Fossil Free WashU recently visited a community in southern Illinois to see the direct effects that fossil fuel extraction has had there.
Peabody Energy Corporation, a St. Louis-based energy company with close ties to Washington University, may soon file for bankruptcy, according to a recent securities filing.
In just a few months, the CCCU’s research into the controversial field of carbon sequestration—“clean coal”—will take shape in the form of the world’s first Staged Pressurized Oxy Combustion (SPOC) system, located in Urbauer Hall.
As alumni, we write to express our support for the student movement demanding that Washington University break ties with Peabody Energy. Despite a dirty reputation of social injustice and scientific misrepresentation, our alma mater continues to propagate the myth of clean coal and Peabody’s CEO Greg Boyce continues to sit on the University’s board of trustees.
As the movement to divest from fossil fuels and cut ties with Peabody Energy gains popularity, the University and the board of trustees must acknowledge not only the social importance of moving away from fossil fuel, but also the tremendous potential this movement has to improve the appearance, influence and popularity of the University.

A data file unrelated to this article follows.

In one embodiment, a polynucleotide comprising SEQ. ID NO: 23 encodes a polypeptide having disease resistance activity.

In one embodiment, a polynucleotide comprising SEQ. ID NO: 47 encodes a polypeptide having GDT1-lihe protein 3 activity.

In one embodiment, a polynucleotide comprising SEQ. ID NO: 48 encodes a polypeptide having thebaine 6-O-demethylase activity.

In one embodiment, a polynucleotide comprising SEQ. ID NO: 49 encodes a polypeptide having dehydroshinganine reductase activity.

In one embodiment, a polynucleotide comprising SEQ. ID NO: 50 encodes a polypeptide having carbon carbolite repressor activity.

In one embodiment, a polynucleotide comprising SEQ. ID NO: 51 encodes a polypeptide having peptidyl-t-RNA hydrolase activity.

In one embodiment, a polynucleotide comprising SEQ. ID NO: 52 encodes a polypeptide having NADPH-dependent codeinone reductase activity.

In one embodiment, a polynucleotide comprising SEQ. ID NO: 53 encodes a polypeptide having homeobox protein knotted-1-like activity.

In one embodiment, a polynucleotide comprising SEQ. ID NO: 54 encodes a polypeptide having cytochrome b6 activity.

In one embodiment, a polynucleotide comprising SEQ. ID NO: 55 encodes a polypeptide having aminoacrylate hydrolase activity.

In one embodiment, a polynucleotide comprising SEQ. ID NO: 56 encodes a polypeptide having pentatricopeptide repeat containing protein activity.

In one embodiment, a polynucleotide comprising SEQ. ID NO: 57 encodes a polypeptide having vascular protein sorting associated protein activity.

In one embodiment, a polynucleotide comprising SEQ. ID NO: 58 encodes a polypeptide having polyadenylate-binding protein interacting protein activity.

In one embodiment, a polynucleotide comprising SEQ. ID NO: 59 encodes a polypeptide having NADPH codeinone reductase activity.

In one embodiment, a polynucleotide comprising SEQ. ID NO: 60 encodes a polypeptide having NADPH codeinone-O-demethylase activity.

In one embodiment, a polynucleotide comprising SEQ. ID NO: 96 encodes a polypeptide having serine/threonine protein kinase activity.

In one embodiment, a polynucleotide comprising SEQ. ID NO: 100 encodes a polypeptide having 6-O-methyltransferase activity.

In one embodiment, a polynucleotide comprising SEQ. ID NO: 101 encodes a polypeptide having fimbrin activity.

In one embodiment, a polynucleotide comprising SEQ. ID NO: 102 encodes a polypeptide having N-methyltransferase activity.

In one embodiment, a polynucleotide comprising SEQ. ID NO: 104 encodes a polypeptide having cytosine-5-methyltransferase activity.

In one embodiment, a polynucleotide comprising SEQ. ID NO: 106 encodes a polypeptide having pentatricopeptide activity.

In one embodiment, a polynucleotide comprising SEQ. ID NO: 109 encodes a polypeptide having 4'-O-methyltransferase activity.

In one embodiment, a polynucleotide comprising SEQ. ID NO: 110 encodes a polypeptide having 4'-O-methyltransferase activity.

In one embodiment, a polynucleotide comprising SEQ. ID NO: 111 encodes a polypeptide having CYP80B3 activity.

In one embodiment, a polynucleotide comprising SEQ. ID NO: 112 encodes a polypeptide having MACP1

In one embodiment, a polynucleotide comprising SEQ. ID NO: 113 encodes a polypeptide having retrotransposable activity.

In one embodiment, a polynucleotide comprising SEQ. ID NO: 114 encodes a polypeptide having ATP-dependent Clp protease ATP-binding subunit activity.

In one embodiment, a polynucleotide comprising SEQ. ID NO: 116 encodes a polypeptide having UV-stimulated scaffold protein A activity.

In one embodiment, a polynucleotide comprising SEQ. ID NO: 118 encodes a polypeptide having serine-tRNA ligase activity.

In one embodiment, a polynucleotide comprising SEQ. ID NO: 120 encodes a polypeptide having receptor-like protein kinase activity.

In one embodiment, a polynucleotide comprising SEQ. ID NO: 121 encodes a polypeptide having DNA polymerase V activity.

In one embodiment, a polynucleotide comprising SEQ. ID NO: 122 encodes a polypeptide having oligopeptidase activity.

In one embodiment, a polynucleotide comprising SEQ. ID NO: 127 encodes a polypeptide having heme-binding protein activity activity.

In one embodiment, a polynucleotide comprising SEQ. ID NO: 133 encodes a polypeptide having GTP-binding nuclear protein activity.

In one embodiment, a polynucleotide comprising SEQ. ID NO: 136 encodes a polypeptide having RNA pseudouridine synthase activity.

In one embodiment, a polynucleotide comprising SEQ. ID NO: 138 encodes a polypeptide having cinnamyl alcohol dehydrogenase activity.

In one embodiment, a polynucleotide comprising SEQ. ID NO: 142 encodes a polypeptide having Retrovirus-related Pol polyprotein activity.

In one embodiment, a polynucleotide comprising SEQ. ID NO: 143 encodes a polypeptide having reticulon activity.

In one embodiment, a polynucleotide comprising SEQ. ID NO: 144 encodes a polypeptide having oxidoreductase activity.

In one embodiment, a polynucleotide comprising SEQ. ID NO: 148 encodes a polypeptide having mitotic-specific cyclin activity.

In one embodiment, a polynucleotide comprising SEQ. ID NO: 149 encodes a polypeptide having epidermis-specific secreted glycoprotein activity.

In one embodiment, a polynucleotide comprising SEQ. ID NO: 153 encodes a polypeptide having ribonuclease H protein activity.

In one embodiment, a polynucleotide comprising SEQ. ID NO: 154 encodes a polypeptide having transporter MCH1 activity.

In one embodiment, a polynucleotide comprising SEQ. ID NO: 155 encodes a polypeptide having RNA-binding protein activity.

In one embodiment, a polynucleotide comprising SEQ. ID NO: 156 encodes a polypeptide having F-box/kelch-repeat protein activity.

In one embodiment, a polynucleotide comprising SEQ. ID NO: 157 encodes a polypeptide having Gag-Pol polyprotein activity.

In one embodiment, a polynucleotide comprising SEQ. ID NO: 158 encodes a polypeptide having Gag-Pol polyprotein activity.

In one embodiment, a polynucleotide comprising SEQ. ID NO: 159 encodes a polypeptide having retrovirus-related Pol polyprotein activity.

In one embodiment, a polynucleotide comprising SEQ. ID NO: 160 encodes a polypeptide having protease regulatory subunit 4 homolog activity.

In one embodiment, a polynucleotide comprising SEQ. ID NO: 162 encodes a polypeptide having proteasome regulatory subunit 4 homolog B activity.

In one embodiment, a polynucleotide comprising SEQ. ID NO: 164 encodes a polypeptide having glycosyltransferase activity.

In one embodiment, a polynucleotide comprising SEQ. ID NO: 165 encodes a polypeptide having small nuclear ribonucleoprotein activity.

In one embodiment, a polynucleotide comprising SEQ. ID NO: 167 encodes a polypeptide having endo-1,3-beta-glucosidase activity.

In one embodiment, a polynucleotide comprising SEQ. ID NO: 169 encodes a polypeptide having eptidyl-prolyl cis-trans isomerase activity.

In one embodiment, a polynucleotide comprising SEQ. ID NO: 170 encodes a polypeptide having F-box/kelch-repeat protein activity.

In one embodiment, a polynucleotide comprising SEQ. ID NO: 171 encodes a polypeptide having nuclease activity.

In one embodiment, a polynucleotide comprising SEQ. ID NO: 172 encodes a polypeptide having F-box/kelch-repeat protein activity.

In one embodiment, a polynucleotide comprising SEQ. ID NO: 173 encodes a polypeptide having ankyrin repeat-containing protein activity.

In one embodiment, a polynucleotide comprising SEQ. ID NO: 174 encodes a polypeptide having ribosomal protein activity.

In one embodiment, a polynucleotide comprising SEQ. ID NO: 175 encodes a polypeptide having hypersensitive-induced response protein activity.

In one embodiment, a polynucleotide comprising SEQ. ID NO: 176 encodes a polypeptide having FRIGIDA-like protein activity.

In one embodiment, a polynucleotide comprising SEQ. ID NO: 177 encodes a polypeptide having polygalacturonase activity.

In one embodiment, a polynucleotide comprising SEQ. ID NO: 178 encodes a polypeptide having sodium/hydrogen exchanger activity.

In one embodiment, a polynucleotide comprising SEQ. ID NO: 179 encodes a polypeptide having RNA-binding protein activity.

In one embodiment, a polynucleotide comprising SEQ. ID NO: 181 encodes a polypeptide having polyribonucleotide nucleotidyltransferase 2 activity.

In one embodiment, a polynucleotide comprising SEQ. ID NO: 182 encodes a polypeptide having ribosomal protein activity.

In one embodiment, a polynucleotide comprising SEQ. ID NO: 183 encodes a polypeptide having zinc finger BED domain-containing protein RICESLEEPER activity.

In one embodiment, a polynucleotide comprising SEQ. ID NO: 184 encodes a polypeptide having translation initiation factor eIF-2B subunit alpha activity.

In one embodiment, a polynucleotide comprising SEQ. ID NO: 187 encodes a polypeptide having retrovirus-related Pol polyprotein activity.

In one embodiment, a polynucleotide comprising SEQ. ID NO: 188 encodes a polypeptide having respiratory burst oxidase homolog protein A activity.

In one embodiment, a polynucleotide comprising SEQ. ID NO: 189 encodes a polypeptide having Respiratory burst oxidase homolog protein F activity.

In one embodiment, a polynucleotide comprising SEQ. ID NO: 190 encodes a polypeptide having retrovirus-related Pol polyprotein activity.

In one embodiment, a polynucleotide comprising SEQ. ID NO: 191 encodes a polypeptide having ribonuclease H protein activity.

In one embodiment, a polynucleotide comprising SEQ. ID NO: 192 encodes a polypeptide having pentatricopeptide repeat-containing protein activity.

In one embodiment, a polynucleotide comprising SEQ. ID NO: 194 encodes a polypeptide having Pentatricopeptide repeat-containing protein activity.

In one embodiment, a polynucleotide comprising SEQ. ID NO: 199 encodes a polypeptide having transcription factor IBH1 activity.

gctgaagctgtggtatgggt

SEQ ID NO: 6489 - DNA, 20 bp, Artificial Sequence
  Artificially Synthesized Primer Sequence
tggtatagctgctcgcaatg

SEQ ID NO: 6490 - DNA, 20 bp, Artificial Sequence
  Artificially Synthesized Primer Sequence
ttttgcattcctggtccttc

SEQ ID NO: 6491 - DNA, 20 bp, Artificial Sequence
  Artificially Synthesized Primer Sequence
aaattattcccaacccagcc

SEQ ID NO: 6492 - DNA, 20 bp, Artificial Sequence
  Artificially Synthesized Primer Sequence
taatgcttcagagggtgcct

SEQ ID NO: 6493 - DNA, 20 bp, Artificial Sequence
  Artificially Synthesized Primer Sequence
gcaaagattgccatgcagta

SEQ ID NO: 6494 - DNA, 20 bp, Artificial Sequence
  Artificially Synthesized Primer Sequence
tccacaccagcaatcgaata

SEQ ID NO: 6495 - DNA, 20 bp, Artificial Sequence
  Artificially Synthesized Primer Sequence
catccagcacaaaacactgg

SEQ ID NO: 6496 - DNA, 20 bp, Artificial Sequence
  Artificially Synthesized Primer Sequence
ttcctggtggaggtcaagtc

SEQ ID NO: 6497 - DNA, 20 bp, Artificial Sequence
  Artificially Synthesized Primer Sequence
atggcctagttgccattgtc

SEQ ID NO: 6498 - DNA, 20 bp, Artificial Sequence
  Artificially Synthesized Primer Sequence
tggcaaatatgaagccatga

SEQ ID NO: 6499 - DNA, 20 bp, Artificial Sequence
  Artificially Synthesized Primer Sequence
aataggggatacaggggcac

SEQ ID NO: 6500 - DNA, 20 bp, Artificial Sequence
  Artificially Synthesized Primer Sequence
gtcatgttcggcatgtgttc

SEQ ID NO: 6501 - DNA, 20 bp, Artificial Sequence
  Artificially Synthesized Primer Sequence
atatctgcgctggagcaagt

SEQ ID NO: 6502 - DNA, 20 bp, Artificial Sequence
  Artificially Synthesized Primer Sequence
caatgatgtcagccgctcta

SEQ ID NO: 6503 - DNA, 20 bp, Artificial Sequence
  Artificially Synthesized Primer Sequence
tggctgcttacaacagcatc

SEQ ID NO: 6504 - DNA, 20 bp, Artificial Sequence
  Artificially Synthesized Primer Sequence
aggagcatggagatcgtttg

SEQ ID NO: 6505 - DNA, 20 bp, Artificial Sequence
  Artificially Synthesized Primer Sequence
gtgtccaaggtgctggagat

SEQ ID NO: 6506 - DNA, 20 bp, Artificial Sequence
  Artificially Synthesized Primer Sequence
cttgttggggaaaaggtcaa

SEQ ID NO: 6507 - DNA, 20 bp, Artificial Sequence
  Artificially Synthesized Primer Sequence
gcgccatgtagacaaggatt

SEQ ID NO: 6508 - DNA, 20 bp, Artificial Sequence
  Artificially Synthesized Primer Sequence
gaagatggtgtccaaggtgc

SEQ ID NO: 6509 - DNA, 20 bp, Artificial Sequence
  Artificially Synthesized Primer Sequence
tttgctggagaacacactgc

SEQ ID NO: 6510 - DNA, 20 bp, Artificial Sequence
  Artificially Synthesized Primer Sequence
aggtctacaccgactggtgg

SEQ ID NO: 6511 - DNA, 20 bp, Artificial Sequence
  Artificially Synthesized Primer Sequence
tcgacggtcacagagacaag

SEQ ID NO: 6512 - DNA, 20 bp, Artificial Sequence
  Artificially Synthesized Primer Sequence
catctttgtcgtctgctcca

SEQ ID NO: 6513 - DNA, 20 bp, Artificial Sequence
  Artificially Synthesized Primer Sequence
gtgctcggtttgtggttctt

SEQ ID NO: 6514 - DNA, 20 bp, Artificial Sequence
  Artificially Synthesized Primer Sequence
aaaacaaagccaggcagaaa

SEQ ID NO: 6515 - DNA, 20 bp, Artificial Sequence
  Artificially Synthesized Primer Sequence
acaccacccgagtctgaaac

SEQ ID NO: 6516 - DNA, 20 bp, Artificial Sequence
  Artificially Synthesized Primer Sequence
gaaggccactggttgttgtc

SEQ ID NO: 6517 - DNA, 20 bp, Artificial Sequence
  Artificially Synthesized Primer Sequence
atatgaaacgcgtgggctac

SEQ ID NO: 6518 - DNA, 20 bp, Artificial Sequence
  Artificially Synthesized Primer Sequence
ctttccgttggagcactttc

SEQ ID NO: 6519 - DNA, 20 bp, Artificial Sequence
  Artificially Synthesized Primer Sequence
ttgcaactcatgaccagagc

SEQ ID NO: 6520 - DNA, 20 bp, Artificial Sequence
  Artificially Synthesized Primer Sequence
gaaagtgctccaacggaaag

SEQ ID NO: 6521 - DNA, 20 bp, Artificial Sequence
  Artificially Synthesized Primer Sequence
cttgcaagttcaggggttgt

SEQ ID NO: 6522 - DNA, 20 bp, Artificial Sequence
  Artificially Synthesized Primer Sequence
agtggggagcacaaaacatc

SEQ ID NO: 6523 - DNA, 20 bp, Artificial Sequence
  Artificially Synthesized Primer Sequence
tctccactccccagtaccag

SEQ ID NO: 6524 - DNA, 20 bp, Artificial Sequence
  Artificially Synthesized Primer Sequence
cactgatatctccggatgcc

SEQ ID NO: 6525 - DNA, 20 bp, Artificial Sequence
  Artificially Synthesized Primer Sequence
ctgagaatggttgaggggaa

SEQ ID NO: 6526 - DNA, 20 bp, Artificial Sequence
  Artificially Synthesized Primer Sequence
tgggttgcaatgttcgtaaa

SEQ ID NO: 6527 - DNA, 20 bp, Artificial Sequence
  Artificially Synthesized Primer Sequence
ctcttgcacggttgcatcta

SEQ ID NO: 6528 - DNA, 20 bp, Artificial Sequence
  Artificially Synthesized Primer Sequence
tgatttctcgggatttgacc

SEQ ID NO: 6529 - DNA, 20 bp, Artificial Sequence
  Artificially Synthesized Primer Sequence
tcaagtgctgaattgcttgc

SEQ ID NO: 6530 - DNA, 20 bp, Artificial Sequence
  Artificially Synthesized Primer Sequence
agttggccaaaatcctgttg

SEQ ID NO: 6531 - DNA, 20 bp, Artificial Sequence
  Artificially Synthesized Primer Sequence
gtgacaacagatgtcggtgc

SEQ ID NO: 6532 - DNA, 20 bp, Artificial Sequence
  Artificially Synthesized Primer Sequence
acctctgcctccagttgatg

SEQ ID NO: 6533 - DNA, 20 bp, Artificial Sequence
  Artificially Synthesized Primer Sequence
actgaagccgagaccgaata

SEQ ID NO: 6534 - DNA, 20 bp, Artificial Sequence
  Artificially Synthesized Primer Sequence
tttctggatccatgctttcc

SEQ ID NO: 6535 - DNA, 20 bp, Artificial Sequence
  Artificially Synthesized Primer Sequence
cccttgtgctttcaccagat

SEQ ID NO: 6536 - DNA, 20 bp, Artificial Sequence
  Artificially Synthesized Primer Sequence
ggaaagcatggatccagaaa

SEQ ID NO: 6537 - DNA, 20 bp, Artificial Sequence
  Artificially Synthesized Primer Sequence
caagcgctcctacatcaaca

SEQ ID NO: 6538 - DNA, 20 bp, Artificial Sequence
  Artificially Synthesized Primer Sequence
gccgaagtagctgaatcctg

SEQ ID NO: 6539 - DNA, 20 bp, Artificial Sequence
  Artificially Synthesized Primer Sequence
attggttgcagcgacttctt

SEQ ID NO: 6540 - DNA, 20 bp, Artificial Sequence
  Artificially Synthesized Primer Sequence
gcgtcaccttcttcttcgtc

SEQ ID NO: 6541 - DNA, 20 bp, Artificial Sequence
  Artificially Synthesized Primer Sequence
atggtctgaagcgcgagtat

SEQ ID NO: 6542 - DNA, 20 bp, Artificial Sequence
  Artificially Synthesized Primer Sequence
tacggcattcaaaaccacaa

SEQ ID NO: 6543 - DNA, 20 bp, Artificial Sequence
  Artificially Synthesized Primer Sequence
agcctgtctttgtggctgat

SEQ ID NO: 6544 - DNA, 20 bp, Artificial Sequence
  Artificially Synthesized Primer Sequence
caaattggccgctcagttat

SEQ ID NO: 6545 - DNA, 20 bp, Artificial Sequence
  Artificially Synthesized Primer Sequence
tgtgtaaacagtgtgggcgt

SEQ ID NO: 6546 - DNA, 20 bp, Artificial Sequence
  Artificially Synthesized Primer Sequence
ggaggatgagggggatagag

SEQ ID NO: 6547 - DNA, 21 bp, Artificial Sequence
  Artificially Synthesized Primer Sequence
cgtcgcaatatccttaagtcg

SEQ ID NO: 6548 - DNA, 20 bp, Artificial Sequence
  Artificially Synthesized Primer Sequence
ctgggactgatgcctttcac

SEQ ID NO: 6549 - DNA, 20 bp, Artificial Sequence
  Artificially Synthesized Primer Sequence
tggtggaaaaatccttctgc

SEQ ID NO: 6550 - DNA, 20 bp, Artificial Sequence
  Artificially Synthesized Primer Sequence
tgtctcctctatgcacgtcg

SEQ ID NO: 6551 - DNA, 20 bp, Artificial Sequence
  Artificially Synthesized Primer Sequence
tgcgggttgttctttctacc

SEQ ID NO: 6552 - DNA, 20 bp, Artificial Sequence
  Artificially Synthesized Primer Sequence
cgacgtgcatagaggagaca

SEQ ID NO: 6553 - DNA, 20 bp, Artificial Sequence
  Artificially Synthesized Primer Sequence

In light of recent behavior by Peabody Energy, we are disappointed to see this corporation continuing to act in its own self-interest, in staunch opposition to the will of the people and at the expense of the public good. We are calling on this university to end its partnership with Peabody Energy. On Feb.
“Washington University in St. Louis is a national leader in sustainability, a core priority that runs through all aspects of our campus community, our operations and our work as a leading research and teaching institution.” These are the words that greet me when I click on “Energy, Environment & Sustainability,” one of the most prominent tabs on the wustl.
As a Washington University alumnus, I was disappointed but not surprised by the responses from fourth-year Olin Business School students regarding recent student protests at Bank of America’s on-campus recruiting events.
After hearing of Green Action’s protest at the Bank of America recruiting event on campus, I am left thinking less about the environmental consequences of mountaintop coal mining and more about the students whose information session was thwarted.
“Chancellor Wrighton, we be fightin’ till the coal is gone,” chanted a group of about 20 students and community members as they marched through campus from Olin Library to Green Hall with banners full of signatures Tuesday.
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